Adams-Jones most improved microscope by Dollond

On application

This Adams-Jones most improved microscope by Dollond from the first quarter of the 19th century arises from an folding three-legged tripod stand with ‘Dollond London’ signature. A gently curving tapering pillar attaches to the inclining straight limb by a compass joint. Focus is to the stage by rack and pinion acting on the front side of the limb which has the rack machined into it. The substage condenser and mirror slide on box-shaped fittings along the limb. They can be locked in place by small knurled knobs. The stage is fitted with a U-shaped stage clip which attaches through the stage with two sliding pins, allowing it accommodate a variety of thicknesses. There is also a Bonani-type spring stage to accept bone sliders. There are three holes off small extensions of the flat stage to fit the accessories. In this case a stage forceps, a magnifying glass and a fish plate are shown. The arm fits through a slot in the limb and a knurled knob at the top of the limb acts on a compression fitting to hold the arm in place. The optical tube has a rotating wheel of objectives with each showing a number in a hole of the objective disc. Other accessories include bone sliders and a ‘talc box’ containing mica coverslips (talcs) and brass circlips to hold them in place. Broken down it is all housed in a hardwood case of dark brown color.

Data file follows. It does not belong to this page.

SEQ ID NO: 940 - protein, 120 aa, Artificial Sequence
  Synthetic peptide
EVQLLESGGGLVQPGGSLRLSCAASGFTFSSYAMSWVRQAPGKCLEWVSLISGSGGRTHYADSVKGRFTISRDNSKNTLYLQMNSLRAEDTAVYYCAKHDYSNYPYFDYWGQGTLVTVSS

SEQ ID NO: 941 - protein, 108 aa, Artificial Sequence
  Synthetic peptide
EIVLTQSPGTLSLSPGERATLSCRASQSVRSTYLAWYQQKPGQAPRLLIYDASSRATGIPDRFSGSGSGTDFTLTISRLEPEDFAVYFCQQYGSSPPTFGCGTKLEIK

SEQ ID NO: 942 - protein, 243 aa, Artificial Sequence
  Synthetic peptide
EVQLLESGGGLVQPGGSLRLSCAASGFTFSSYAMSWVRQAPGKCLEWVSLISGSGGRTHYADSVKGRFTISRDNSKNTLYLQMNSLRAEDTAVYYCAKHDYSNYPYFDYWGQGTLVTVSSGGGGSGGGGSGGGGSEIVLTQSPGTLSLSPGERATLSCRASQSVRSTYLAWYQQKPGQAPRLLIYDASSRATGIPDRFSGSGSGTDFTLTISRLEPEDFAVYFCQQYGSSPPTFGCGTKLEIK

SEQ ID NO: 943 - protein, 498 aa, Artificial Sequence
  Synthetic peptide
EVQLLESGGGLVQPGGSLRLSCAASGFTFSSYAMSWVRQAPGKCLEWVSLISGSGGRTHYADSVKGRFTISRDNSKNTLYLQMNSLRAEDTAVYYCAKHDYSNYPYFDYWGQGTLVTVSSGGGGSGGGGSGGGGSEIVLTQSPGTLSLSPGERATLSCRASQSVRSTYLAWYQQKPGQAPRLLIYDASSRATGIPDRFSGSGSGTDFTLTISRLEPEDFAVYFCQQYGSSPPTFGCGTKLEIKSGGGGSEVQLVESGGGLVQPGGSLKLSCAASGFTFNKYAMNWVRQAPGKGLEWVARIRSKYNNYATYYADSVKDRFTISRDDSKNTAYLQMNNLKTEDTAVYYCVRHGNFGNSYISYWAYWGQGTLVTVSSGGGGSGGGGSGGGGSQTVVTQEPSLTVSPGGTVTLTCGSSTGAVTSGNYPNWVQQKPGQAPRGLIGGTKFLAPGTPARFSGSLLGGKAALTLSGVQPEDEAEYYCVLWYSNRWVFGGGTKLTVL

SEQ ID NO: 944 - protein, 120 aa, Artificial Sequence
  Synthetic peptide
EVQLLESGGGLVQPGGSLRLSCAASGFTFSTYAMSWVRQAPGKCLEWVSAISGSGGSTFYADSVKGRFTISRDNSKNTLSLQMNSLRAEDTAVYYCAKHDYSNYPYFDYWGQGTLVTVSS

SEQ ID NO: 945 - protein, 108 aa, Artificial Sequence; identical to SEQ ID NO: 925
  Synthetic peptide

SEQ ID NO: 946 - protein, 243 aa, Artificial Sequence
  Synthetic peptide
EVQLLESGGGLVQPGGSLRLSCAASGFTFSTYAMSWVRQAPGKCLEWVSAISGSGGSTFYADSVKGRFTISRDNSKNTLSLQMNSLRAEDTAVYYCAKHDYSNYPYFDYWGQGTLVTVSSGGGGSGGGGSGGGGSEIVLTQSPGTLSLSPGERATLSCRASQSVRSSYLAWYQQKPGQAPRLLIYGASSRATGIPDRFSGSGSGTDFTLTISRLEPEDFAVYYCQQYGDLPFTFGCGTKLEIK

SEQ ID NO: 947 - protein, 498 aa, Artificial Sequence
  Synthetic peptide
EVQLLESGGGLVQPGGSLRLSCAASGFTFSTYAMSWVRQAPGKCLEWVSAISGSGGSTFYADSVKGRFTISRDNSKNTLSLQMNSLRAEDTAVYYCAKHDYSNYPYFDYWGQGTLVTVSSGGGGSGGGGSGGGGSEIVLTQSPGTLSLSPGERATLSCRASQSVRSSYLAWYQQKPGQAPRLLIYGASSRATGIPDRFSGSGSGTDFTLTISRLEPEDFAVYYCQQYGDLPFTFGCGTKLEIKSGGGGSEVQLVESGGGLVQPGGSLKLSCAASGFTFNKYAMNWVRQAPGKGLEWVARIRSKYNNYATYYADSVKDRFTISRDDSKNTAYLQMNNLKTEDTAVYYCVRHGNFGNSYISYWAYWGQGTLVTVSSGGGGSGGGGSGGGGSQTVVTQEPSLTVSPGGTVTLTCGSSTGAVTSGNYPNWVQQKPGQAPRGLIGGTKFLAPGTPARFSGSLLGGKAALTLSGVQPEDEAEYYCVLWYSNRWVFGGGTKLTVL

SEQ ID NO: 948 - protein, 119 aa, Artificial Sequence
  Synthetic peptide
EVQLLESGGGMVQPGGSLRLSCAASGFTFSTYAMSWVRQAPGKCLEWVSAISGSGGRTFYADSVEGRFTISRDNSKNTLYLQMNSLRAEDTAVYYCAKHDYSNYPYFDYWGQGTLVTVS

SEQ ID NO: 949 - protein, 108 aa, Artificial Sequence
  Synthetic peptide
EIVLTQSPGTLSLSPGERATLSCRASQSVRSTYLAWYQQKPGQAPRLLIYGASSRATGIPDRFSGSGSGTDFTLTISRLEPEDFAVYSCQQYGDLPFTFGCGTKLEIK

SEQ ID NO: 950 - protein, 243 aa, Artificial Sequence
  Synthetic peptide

Height: from stand 49 cm,
Box dimensions : 24 x 35,5 x 10 cm

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